• ++: Allows logging of data. This also requires no additional hardware
      • --: Uses accelerometer and needs a higher frequency of accelerometer sampling (4 Hz is not fast enough). - Of course, some have figured out how to change the sampling frequency. - Does not use the GPS but probably should. Instead it currently tells you consumption for various speeds. It also thinks you are accelerating if you stop on a hill (ok in Florida, not gonna work in san francisco). Requires database of automobile characteristics such as drag and parasitic engine loss.
    3. A third program I have encountered uses a proprietary box that collects various data and then transmits those data to the cell phone.
      • ++: Highly accurate and a well known company in fleet use.
      • --: Again a third party item would have to be purchased. This one would have to be plugged into the car outlet or powered by batteries).
    Getting the word out
    How this could really help the reputation of palm.




    Embracing the opportunity to support one or more of these developers may have unforeseen benefits.
    1. Free advertisement
    2. If you accept my suggestion, it shows how you care about an everyday user, that you listen to and are a part of the community. It also shows that the community has some bright ideas
      • With Palm, one person with an idea has the capability to bring people together and make things happen (there's that concept of synergy again). Really embodies the product without having to be corny explicity (that's for the narrow-world of sports. Nice job by the way)
    3. Since I am not hired by you, it really comes across as genuine interest in the product and how it can improve our lives. Opens opportunity for positive press. Opportunity to start a "how does your Pre help you everyday" campaign. In essence, you are attacking multiple markets with multiple marketing efforts, mantaining the general ethos of simplicity and life improvement through technology.
    Thank you for your time. I figured the stars were aligned, I know I want this but donít have the time to learn how to create the app. I know someone out there has the expertise to write the software and I know that Palm would love this App on the Pre and maybe even Pixi. I have nothing to lose. Call it Synergy because I think that this can happen.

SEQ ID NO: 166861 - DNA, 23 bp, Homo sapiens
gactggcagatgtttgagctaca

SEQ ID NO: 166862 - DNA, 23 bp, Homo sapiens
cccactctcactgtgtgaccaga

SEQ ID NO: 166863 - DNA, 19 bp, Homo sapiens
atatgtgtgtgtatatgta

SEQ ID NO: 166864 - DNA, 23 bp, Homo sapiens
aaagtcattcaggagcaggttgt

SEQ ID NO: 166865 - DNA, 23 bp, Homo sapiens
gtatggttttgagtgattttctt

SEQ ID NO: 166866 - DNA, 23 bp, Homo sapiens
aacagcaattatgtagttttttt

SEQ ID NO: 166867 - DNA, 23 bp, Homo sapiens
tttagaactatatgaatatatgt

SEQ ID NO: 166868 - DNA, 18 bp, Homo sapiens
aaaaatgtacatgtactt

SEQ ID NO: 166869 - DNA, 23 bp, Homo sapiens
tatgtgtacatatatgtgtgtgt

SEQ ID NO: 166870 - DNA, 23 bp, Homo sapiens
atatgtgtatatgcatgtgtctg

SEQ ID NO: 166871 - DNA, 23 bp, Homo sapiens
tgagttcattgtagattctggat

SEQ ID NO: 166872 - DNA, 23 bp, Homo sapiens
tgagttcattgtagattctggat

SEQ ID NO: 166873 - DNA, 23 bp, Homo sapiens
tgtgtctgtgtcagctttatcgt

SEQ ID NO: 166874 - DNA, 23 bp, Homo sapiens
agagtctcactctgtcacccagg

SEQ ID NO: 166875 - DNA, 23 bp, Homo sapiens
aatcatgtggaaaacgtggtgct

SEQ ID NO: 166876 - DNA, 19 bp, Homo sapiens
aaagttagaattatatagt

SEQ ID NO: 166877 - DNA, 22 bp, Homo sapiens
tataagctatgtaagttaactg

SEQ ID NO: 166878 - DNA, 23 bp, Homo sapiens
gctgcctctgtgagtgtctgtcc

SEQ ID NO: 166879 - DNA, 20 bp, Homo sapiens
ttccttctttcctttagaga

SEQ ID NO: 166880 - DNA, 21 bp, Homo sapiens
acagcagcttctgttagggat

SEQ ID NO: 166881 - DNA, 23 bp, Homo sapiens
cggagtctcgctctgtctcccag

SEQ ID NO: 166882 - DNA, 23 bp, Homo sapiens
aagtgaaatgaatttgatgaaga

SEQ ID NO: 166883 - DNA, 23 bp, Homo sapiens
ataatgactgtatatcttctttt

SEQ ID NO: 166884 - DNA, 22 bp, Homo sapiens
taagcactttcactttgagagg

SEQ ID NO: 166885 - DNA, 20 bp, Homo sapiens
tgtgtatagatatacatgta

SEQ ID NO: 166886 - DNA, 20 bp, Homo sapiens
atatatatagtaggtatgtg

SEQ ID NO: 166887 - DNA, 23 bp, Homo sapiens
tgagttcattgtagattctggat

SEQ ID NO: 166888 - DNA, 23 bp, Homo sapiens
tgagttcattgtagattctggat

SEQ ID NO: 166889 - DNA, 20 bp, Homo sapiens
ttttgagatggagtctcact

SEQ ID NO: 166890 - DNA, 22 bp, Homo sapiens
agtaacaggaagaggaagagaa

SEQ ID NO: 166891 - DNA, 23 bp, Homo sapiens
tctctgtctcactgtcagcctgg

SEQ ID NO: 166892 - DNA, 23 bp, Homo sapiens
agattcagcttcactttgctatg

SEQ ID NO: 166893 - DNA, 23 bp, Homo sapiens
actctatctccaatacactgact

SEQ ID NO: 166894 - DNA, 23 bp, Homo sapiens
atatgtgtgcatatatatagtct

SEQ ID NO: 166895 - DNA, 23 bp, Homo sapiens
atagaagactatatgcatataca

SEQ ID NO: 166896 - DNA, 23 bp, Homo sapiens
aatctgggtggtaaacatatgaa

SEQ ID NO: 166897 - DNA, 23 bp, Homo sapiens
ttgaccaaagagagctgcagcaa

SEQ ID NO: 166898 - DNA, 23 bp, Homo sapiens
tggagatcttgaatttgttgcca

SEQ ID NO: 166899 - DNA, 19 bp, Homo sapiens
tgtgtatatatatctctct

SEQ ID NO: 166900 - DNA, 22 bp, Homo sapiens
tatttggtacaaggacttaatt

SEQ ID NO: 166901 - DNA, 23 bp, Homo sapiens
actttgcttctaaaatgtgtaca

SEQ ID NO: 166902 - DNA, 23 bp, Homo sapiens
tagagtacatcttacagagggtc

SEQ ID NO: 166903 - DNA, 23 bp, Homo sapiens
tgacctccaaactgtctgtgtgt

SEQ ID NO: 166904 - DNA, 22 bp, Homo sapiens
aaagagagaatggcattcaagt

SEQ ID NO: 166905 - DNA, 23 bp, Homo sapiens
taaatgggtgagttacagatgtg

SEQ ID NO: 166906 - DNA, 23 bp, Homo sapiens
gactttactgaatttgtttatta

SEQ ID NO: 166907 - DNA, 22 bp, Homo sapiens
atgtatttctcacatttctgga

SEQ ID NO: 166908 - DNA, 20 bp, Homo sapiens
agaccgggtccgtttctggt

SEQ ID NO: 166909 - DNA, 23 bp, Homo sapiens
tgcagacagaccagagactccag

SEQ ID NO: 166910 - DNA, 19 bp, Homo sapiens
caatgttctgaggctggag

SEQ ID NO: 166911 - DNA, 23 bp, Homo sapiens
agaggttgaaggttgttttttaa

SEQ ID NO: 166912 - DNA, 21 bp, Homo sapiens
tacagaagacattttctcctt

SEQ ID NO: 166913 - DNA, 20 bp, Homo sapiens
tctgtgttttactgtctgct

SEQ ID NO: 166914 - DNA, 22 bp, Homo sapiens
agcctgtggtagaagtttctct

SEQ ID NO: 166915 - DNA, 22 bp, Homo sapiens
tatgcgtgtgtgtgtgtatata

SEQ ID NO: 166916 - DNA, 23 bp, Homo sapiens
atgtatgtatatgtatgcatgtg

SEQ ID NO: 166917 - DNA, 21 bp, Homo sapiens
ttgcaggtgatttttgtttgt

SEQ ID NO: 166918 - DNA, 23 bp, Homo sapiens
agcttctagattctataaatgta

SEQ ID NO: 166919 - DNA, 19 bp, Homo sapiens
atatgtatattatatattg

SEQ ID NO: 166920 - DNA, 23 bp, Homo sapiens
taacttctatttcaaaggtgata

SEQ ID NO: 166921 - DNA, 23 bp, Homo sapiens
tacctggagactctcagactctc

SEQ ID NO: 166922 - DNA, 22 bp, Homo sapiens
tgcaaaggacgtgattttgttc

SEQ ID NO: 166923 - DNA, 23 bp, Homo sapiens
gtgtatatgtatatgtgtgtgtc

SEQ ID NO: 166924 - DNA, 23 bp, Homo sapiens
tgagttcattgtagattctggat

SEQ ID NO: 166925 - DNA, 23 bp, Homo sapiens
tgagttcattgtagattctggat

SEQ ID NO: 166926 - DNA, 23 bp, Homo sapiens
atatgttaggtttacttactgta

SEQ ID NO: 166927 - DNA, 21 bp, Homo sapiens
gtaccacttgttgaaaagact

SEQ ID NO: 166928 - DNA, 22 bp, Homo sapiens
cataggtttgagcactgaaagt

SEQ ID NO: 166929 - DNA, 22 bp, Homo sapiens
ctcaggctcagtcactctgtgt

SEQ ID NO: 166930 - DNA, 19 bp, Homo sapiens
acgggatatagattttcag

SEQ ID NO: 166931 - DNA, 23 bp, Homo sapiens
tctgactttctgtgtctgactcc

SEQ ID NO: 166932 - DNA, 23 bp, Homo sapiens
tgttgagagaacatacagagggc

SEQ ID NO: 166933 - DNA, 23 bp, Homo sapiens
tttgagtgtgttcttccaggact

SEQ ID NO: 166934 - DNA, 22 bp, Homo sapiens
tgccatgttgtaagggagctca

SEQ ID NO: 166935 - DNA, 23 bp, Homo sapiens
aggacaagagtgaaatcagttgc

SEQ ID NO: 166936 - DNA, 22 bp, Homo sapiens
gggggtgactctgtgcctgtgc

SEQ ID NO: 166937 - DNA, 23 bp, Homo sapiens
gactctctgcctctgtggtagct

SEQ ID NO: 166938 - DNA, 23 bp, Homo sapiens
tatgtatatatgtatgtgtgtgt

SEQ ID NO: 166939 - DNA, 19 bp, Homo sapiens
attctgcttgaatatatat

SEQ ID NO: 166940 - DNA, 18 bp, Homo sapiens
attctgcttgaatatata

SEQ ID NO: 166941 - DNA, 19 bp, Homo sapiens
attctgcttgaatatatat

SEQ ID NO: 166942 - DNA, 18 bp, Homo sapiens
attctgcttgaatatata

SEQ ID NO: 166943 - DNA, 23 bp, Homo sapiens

2. #2  
    Basically this is a Datalogger program of some sort. This would be awesome.
  3. #3  
    So... basically, I'm hearing that you want someone to port the iPhone OBD-II app to WebOS. Why should Palm care about this when Exchange sync is still broken?

    Just askin'...
  4. rkguy's Avatar
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       #4  
    Quote Originally Posted by SiniStereO View Post
    So... basically, I'm hearing that you want someone to port the iPhone OBD-II app to WebOS. Why should Palm care about this when Exchange sync is still broken?

    Just askin'...
    Good Question. I think exchange sync is Palm's Problem, encouraging an outside developer is Palm's Opportunity. I think it would take relatively few resources from Palm and yet is a very functional, high level (yet not too graphics intensive) program to showcase the Pre.

    P.S. I thought their recent release fixed the exchange problems that were created with exchange sync...I remember them releasing something two days after the big update to correct that.
  5. rkguy's Avatar
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       #5  
    I also think that the green meter approach may be just as valuable, provided a database of drag coefficients for cars or classes of cars is used. Does one exist? I don't know yet
  6. HRT
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    #6  
    Hi folks,

    I am the greenMeter developer. I would love to provide greenMeter on the Pre, and planned to do so earlier in the year. However, there are two main issues preventing it at this time.